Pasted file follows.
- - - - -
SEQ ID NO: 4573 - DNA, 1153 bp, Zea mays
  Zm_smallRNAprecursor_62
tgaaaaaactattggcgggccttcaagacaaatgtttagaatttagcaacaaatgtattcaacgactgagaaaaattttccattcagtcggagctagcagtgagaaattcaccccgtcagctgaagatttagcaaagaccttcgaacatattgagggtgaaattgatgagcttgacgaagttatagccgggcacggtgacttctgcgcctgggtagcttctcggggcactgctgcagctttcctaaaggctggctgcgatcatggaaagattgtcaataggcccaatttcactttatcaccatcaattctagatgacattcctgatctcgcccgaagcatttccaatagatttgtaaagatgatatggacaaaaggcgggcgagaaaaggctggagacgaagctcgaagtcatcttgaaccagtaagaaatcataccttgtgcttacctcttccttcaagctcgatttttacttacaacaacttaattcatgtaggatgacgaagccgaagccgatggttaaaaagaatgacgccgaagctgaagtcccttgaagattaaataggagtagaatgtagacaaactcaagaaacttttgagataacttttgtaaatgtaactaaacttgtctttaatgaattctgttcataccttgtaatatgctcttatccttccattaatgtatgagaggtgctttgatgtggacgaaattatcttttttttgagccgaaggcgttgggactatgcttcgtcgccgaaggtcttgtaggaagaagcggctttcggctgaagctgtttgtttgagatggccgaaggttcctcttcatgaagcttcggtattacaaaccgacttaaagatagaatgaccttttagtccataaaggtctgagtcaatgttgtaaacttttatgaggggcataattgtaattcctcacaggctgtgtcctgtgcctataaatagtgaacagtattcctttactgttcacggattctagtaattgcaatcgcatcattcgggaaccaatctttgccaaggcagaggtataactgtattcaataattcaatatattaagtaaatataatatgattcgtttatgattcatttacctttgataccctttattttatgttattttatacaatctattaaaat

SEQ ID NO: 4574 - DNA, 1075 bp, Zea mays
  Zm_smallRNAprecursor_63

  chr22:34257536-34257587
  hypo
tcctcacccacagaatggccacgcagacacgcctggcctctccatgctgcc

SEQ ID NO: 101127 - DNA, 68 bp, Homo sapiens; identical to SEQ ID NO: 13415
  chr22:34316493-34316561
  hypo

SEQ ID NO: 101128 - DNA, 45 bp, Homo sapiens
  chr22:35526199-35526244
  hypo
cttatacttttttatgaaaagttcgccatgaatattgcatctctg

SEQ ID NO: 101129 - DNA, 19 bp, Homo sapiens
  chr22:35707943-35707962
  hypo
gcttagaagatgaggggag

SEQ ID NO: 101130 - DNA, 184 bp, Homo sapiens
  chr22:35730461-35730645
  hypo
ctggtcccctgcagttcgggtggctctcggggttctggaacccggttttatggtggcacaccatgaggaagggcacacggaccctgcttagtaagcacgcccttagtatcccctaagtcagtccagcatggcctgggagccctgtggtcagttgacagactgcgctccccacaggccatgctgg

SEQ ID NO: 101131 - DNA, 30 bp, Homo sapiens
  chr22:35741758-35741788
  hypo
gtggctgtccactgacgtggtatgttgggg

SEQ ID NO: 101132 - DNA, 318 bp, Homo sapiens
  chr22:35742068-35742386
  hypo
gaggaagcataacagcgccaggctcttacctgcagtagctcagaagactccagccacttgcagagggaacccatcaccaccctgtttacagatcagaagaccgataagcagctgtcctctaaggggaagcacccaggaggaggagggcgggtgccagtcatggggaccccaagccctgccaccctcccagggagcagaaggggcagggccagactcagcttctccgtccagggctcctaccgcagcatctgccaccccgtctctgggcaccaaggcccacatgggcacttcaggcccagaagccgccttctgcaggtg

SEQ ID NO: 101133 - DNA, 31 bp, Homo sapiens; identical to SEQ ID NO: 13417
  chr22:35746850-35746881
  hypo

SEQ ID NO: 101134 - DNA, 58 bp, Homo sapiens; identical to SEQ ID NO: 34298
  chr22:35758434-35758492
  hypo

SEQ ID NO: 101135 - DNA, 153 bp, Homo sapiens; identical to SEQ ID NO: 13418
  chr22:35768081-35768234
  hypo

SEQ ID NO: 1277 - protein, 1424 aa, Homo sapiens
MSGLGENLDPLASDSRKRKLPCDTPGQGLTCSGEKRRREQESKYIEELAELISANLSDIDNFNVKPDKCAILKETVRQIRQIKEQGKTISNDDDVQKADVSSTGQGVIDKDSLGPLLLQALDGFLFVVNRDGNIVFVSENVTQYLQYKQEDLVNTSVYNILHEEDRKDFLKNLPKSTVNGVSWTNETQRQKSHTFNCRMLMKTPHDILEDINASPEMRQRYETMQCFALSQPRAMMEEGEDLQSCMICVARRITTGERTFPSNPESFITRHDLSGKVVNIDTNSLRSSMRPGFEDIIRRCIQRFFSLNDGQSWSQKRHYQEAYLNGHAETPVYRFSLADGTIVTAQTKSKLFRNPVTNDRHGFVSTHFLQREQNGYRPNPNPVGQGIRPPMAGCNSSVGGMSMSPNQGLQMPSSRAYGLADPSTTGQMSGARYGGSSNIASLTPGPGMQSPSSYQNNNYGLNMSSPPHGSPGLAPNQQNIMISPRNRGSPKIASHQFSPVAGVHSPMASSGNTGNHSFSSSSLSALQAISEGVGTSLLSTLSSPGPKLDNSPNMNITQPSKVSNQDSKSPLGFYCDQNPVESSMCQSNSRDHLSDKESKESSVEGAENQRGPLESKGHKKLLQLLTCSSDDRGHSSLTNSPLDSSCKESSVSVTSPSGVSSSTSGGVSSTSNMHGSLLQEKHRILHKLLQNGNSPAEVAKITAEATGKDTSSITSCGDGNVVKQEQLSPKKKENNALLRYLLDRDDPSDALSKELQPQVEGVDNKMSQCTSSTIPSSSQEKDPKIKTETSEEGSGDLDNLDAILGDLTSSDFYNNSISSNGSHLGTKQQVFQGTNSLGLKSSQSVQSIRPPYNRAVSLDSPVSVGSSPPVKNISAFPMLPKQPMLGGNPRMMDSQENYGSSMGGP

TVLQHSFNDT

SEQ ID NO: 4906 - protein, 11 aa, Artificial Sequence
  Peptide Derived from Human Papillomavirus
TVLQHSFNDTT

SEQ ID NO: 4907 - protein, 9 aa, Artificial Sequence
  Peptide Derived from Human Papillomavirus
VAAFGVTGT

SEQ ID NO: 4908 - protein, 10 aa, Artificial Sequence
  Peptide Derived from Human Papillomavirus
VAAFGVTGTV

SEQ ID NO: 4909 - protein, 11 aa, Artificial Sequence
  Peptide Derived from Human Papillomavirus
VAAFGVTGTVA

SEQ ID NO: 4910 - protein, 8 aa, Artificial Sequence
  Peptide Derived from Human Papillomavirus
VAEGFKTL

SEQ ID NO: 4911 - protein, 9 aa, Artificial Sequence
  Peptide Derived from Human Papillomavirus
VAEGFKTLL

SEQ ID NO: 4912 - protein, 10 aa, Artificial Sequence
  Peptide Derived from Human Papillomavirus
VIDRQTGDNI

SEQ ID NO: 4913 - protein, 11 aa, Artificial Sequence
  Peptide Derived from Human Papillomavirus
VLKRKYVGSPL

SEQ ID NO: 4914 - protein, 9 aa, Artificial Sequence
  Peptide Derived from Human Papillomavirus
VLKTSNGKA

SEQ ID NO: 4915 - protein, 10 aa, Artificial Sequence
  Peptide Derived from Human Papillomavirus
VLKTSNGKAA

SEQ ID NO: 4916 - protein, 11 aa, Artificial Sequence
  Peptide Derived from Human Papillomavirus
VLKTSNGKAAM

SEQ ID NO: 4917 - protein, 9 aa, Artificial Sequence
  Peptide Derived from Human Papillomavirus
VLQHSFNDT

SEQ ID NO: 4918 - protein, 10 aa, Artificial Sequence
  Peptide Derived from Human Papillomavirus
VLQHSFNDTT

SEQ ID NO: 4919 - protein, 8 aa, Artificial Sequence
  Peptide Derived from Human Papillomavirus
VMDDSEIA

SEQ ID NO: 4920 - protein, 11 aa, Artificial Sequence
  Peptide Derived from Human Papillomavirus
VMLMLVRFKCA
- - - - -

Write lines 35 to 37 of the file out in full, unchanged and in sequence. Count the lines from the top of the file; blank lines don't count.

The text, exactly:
SEQ ID NO: 101134 - DNA, 58 bp, Homo sapiens; identical to SEQ ID NO: 34298
  chr22:35758434-35758492
  hypo